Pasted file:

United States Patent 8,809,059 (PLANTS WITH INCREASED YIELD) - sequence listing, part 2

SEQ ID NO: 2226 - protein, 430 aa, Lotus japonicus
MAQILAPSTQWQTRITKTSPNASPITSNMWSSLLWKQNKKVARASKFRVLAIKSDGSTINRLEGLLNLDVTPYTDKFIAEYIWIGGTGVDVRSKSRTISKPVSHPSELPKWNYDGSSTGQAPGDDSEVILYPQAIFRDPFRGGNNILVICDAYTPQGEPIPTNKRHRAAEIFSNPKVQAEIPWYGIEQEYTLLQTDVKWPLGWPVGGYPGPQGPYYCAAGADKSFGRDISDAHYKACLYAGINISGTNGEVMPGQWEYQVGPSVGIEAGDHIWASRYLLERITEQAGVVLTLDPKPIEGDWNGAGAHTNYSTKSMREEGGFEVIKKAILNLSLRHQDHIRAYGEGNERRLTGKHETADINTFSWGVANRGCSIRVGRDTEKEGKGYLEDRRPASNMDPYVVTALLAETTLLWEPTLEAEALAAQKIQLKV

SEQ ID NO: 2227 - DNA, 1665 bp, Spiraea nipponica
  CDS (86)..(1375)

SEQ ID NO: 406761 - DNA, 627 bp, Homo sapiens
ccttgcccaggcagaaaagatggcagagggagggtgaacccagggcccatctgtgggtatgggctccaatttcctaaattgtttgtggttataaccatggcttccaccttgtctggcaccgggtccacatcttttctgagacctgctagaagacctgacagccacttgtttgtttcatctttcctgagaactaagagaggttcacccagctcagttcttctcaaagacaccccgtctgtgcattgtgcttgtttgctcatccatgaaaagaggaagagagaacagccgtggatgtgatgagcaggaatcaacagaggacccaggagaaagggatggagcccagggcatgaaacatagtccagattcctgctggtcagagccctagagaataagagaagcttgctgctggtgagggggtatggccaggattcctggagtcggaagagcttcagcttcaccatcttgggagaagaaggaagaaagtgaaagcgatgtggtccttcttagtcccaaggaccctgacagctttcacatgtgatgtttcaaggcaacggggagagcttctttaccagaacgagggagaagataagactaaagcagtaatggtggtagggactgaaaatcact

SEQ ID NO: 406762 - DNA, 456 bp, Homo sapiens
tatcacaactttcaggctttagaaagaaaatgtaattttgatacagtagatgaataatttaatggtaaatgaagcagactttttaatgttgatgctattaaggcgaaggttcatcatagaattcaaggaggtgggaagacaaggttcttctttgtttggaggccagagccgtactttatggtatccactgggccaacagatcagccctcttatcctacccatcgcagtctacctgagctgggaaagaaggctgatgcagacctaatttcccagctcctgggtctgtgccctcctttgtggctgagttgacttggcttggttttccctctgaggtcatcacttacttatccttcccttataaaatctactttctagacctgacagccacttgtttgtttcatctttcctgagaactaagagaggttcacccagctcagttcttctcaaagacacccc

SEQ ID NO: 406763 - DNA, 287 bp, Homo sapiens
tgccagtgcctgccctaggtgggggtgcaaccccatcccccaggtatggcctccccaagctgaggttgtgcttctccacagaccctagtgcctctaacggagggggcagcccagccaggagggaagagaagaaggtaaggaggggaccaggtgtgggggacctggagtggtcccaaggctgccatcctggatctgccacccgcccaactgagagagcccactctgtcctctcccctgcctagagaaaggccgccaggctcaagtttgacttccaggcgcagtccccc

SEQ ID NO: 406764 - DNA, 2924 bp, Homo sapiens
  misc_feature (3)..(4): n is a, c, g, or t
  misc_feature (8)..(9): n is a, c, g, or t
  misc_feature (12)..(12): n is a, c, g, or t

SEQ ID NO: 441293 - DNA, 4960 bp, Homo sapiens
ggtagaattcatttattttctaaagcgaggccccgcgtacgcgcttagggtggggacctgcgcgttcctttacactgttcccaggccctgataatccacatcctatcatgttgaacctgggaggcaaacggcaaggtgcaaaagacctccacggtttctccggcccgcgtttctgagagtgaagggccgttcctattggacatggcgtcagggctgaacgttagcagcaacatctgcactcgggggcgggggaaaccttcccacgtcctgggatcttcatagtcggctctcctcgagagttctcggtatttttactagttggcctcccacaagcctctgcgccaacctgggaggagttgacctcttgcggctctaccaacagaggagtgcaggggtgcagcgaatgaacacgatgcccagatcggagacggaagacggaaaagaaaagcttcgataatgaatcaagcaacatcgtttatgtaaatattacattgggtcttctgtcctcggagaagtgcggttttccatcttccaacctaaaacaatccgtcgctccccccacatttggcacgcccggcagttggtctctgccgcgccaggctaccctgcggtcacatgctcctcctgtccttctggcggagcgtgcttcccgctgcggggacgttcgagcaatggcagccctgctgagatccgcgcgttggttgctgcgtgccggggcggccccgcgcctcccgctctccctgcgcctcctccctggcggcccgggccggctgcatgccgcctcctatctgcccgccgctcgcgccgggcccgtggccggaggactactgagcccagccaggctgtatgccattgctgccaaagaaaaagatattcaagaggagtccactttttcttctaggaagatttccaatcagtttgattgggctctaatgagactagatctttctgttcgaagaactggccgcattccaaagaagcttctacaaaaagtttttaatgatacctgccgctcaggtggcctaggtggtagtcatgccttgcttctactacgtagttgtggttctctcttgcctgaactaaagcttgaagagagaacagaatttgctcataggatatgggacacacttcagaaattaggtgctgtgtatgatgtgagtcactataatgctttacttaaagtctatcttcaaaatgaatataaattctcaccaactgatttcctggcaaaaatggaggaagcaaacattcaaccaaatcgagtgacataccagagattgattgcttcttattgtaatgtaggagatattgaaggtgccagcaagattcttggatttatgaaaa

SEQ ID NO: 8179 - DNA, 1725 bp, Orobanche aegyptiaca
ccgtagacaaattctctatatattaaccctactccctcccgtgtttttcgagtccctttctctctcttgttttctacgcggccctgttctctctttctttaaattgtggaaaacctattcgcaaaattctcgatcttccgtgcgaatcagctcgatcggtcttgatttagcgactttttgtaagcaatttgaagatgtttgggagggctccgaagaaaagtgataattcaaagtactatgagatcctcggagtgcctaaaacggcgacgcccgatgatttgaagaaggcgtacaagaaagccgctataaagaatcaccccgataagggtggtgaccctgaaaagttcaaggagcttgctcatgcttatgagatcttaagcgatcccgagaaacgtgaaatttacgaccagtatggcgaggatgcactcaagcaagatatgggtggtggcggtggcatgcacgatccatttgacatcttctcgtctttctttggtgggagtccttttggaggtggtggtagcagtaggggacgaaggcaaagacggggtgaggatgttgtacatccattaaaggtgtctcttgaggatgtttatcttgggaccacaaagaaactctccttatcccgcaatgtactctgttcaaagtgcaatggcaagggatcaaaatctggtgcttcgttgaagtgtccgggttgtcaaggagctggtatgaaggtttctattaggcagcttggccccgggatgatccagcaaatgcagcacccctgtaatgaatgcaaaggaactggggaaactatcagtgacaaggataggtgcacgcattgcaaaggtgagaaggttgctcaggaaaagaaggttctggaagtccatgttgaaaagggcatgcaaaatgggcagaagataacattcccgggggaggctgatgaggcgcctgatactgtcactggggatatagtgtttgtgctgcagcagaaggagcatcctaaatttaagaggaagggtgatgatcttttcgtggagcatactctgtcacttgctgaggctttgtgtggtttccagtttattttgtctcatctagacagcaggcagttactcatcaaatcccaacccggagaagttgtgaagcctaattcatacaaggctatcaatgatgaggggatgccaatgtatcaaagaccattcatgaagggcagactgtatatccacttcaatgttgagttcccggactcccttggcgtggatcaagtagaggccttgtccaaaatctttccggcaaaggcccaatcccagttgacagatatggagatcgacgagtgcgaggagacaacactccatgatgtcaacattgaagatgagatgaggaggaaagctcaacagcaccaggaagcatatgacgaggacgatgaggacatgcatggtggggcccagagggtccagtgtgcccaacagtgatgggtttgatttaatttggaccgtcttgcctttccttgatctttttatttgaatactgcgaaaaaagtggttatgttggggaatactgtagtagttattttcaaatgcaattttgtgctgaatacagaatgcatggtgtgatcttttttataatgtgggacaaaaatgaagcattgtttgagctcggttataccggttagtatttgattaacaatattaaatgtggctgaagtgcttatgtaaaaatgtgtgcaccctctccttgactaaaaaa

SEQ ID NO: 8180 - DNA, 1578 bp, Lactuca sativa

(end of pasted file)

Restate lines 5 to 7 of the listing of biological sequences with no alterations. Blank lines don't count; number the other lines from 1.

  CDS (86)..(1375)

SEQ ID NO: 406761 - DNA, 627 bp, Homo sapiens
ccttgcccaggcagaaaagatggcagagggagggtgaacccagggcccatctgtgggtatgggctccaatttcctaaattgtttgtggttataaccatggcttccaccttgtctggcaccgggtccacatcttttctgagacctgctagaagacctgacagccacttgtttgtttcatctttcctgagaactaagagaggttcacccagctcagttcttctcaaagacaccccgtctgtgcattgtgcttgtttgctcatccatgaaaagaggaagagagaacagccgtggatgtgatgagcaggaatcaacagaggacccaggagaaagggatggagcccagggcatgaaacatagtccagattcctgctggtcagagccctagagaataagagaagcttgctgctggtgagggggtatggccaggattcctggagtcggaagagcttcagcttcaccatcttgggagaagaaggaagaaagtgaaagcgatgtggtccttcttagtcccaaggaccctgacagctttcacatgtgatgtttcaaggcaacggggagagcttctttaccagaacgagggagaagataagactaaagcagtaatggtggtagggactgaaaatcact